As always, you have thoughtful observations (particularly when you agree with me) and I think your clients are very privileged to have you as a trainer and a trainer of trainers.

    • Smashby says:

      Jodi, thanks so much for your comments! I’m glad that me sharing your piece made your morning. I only talked about it because I thought it was awesome, so thank YOU for being awesome.

      I spoke my piece on your blog name, but truly do understand why you named it that. I just hope that it comes from a place of pride now, seeing how you have become even more athletic through your training, and that it doesn’t have a negative connotation in your head. That’s all.

      Getting past very stubborn athletes and encouraging them to start slow/small/safe can be one of the greatest challenges as a coach. I try to never discourage an athlete by telling them that they CAN’T do something, but stressing the importance of working up and increasing one’s work capacity incrementally can literally a game changer for some athletes. I hope your friend slows it down so he can stay injury free and see some real gains!

      I really appreciate your feedback and support. It’s fun to be able to make so many cool friends across the country who are all passionate about getting and staying healthy!

      Looking forward to chatting with you again soon!

  2. Jake Bourgoin says:

    In response to your dislike of the use of “fattie” I think it depends on who is saying it and what is behind the use. Obviously someone else calling me a fattie would be hurtful and wrong. I also think that when I used the term in a self-deprecating way that I was deflecting with humor and trying to say the hurtful things myself before anyone else could. This tended to continue my poor self-esteem.
    Having said that, she alludes to a similarity with being an alcoholic that I find personally to be very valid. A very critical step in my journey to physical fitness was accepting and owning deep down that I was a fattie. Every speaker at an AA meeting begins with “Hi, my name is____, and I’m an alcoholic.” The subtext of that statement is, yep I have a problem and we all share this problem, here’s what I’m doing about it.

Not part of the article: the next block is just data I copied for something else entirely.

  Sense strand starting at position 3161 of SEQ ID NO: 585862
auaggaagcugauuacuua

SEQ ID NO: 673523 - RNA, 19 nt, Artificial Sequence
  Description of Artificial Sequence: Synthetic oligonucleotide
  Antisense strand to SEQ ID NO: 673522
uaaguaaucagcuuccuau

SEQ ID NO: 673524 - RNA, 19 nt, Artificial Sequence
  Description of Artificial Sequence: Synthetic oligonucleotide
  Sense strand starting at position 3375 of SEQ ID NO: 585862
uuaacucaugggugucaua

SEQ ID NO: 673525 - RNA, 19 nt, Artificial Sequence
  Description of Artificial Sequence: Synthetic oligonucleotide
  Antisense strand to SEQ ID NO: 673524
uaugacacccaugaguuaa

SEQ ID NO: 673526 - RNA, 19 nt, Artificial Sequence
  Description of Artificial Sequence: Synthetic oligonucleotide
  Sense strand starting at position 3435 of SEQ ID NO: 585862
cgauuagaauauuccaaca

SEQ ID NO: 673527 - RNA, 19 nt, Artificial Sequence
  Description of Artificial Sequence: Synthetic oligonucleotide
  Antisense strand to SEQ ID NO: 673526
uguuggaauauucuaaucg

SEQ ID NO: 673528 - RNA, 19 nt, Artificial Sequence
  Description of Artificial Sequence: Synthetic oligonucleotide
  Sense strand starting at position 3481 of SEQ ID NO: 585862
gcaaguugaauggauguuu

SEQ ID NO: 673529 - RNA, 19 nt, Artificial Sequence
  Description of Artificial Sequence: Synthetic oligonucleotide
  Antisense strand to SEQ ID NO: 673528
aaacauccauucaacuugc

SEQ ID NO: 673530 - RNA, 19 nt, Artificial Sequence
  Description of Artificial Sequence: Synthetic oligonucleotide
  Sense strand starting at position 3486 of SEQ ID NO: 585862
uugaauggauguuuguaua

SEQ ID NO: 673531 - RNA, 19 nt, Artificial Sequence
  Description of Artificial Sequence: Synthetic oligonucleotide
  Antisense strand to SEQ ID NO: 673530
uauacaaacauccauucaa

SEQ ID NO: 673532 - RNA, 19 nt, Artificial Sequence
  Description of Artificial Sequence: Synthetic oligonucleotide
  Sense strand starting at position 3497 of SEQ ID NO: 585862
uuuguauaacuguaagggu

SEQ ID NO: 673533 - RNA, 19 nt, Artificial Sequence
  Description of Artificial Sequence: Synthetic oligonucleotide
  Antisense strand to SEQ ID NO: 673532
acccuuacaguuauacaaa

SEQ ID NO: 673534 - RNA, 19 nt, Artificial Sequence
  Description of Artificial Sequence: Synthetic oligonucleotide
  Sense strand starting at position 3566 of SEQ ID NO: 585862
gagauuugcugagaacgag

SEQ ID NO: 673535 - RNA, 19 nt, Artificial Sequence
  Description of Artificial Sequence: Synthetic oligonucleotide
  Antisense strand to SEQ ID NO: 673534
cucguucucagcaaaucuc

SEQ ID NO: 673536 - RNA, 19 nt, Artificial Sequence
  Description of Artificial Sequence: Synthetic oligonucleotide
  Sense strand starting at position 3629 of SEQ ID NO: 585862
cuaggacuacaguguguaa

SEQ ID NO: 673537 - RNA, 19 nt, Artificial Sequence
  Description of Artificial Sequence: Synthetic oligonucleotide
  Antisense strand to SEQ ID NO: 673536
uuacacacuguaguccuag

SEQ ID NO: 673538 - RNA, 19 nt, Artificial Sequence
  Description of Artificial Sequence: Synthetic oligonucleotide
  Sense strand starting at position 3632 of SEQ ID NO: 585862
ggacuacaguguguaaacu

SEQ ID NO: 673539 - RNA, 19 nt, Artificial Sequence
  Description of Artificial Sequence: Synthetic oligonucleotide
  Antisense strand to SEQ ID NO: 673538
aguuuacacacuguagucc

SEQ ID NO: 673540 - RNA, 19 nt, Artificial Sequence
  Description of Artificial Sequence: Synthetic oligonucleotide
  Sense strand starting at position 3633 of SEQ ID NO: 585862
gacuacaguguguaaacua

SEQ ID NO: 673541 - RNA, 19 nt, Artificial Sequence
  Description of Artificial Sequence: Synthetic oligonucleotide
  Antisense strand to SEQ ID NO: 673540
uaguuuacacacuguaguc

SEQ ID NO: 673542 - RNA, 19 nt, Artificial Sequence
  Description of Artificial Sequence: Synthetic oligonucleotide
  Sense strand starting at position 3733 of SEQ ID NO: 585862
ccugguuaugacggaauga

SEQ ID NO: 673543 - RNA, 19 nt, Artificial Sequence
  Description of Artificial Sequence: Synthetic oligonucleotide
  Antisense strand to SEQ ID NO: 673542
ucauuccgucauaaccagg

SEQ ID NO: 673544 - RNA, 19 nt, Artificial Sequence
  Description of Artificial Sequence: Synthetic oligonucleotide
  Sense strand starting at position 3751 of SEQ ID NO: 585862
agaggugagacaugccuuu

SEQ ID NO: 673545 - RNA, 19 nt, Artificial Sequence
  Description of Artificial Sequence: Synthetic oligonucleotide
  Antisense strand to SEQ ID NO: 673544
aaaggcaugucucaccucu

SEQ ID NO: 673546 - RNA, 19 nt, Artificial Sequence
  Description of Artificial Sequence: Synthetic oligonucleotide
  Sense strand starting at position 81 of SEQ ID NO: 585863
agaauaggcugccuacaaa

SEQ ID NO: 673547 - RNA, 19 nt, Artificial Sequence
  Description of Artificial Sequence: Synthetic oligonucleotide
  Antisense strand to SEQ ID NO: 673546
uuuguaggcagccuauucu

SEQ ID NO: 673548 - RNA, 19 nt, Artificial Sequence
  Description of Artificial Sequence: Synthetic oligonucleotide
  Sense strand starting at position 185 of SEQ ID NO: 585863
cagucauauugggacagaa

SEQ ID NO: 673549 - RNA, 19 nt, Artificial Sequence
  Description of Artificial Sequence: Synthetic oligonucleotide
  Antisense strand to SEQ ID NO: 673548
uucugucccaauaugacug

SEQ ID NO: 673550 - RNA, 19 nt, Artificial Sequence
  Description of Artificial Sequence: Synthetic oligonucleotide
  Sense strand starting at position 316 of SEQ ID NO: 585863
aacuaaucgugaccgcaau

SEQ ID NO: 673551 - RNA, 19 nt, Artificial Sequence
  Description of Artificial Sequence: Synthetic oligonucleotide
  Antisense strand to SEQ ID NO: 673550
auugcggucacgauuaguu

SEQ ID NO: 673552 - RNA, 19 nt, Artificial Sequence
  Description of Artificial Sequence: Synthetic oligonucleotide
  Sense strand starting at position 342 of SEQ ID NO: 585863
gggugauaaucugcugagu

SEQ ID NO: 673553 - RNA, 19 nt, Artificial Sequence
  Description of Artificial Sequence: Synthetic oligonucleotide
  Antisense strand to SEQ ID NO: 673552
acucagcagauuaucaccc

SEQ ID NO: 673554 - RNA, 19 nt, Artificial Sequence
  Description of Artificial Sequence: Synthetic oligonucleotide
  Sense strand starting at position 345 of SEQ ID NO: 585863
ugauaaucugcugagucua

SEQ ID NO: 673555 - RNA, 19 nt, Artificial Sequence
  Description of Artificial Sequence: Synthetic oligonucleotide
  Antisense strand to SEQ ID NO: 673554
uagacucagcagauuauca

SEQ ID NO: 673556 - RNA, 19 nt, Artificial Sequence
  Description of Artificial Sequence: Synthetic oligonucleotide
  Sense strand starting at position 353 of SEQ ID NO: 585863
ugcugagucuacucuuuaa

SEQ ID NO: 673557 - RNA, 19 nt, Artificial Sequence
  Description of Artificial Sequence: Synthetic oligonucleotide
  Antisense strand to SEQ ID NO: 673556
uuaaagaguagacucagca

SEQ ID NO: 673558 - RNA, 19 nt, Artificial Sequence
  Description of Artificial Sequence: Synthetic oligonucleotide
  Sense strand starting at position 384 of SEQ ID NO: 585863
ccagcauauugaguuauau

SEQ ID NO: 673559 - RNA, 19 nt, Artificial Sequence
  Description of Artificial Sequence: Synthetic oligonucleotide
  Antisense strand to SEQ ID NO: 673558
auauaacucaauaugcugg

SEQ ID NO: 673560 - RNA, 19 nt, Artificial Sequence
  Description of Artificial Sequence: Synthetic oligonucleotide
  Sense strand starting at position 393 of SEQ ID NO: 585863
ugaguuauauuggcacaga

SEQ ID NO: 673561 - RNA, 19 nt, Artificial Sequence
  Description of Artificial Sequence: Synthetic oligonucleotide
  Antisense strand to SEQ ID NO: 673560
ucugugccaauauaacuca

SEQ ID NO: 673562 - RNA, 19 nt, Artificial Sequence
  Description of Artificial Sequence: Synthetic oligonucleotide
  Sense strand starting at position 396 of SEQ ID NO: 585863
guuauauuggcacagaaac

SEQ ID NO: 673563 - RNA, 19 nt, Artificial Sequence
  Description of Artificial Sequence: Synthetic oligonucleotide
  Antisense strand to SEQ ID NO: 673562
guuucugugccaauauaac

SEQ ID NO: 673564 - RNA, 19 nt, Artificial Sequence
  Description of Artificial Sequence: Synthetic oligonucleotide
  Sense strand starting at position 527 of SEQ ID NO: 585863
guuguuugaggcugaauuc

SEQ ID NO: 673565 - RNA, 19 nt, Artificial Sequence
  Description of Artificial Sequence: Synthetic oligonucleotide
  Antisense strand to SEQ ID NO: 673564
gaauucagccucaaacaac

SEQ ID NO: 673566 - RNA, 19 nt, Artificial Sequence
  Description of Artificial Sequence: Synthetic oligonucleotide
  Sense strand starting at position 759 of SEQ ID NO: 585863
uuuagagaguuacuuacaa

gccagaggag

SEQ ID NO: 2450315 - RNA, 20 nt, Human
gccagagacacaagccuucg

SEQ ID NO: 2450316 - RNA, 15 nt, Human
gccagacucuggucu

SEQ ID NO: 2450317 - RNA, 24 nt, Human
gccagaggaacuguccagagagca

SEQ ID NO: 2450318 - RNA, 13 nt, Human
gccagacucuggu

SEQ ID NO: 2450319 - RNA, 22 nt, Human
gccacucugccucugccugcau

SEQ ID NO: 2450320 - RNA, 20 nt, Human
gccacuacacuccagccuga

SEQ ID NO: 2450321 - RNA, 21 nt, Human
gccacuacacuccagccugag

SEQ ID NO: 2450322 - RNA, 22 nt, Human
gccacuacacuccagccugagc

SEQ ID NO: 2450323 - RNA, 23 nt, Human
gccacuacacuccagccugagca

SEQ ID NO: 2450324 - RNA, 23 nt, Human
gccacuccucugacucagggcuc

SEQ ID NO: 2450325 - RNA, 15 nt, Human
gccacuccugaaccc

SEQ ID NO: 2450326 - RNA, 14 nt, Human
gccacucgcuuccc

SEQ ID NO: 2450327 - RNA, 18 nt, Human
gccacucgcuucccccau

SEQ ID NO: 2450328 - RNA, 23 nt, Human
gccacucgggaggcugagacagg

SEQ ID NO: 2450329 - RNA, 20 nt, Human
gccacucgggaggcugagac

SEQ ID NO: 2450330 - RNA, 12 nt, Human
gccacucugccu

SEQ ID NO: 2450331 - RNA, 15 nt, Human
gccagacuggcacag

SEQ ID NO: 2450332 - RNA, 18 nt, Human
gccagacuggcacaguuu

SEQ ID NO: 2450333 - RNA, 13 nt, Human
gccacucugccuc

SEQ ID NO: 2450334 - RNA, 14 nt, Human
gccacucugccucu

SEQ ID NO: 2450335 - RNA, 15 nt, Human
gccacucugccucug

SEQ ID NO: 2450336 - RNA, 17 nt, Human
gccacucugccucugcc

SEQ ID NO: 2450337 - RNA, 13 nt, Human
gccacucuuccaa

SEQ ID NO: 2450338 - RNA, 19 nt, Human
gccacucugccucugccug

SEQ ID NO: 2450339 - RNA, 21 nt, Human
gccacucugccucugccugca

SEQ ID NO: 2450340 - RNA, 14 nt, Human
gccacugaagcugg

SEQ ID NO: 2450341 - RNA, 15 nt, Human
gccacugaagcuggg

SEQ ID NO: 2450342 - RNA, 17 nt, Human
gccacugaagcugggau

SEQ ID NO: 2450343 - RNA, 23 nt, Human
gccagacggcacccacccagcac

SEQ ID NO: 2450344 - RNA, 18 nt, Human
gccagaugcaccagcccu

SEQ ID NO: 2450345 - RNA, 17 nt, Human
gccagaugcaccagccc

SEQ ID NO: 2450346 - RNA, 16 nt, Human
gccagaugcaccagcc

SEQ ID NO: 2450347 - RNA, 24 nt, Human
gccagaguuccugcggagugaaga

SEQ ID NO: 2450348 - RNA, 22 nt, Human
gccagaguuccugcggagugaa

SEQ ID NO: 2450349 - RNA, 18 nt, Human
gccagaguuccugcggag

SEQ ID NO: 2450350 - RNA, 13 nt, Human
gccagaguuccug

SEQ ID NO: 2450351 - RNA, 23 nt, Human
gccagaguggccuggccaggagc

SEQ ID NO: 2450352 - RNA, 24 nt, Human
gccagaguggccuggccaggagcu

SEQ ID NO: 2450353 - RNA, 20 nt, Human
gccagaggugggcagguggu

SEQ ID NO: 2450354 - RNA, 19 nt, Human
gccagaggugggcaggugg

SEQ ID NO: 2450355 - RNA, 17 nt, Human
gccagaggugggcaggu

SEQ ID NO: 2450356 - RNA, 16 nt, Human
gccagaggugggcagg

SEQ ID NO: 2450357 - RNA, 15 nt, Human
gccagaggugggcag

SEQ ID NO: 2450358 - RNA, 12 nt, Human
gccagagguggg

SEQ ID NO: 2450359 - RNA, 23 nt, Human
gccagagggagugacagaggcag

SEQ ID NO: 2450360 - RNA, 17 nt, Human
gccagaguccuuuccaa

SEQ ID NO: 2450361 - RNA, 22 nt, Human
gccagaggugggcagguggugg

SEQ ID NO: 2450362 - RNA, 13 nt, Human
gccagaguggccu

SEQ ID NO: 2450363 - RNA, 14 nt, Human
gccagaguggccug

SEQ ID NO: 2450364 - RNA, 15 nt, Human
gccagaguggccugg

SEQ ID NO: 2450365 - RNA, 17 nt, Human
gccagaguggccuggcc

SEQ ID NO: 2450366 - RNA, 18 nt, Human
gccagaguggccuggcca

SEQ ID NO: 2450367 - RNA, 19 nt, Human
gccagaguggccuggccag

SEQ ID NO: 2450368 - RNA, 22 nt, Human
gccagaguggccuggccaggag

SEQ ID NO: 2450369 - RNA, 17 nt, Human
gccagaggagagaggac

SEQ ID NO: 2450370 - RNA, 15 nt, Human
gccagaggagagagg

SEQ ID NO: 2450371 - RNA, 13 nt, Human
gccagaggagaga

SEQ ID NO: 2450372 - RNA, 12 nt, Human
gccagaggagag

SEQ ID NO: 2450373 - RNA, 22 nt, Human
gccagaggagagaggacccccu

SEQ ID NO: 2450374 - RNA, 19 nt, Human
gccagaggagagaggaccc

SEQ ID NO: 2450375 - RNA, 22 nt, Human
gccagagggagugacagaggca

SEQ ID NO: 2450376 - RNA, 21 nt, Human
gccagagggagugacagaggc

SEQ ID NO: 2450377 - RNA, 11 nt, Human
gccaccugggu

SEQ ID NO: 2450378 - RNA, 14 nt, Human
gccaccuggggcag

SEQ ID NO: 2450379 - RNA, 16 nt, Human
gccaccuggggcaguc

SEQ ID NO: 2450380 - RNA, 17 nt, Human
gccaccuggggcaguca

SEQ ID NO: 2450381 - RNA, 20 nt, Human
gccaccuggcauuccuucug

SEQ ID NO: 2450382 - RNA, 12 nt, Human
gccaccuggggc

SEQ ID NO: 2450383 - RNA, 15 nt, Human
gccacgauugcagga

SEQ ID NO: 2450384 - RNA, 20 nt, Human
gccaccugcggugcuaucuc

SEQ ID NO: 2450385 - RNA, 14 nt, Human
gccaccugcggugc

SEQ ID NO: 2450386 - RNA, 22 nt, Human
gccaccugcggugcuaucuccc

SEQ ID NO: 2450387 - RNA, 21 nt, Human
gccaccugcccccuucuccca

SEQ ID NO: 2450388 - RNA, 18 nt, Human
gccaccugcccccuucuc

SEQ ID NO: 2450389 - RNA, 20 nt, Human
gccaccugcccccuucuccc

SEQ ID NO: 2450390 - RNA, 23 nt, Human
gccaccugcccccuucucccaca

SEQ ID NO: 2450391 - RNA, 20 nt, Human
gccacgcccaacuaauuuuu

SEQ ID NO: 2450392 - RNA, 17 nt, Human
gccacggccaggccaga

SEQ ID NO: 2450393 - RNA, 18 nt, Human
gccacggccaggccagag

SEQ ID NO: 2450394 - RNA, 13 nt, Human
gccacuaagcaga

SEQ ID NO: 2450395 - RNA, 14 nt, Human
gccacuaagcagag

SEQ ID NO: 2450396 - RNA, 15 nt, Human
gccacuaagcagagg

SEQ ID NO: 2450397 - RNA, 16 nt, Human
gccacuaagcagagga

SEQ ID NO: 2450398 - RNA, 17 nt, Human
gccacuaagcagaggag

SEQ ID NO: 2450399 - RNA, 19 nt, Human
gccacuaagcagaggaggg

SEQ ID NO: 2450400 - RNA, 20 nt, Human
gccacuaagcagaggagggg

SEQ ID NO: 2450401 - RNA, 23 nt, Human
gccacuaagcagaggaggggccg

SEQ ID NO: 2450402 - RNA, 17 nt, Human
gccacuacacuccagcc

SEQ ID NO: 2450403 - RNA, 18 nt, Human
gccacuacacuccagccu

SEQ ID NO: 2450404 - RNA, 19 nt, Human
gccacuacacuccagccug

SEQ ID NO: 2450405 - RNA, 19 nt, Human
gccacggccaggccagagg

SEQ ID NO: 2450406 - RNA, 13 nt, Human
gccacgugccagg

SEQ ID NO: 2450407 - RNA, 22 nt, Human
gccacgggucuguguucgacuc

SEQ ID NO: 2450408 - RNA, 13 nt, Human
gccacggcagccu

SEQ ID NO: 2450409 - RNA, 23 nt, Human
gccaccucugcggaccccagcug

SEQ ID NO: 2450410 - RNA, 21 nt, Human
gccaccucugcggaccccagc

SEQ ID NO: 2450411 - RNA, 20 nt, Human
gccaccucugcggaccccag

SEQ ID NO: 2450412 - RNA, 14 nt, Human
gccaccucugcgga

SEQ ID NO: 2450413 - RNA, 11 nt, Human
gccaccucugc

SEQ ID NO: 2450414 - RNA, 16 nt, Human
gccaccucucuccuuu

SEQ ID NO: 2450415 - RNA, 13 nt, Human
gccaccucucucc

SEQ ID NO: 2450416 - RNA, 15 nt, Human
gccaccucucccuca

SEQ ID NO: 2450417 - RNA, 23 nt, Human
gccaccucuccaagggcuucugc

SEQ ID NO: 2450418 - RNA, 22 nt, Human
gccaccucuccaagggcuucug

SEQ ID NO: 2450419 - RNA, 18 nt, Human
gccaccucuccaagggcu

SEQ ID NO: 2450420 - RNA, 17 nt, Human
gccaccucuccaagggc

If the attitude behind the use of the word fattie is acceptance and a willingness to find a way to make it better, I think it is great. I know that when I started looking for a different way to live my life, I would have been drawn to a self proclaimed fattie documenting her journey and been able to identify with her. One of the biggest struggles is believing that you can change. When you can barely walk up a flight of stairs, it is very hard to believe that you will ever end up in a gym. Having someone who looks like you and has the same struggles showing you, that yes you can do it and here is how I’m doing it, is wonderful.

    • Smashby says:

      Jake, that is incredible. I think your feedback on that topic is perfect. I shouldn’t be so quick to get “frustrated” by someone referring to themselves in any way. In fact, as you pointed out, that name, that thought, that feeling, might be the very reason why they ARE motivated and committed to changing their lives for the better.

      Thank you for sharing that perspective! Wow, that was awesome.

      p.s.- Let the record show that I am really proud of (and inspired by) both of you, and anyone else, who is willing to make that decision/lifestyle change to move in a healthier direction. It’s not easy for anyone, so even mentally convincing yourself that you can do it (or that you’re willing to TRY) is a HUGE milestone that requires acknowledgement!

  3. Fran says:

    Jake: That was so beautifully written! Loved it! And…you ROCK! 🙂
    Jodi: You are amazing…so, so proud of you! You got this girl! Will keep watching your progress and cheering you on!
    Tom: You truly are the best! Truly blessed to call you a friend!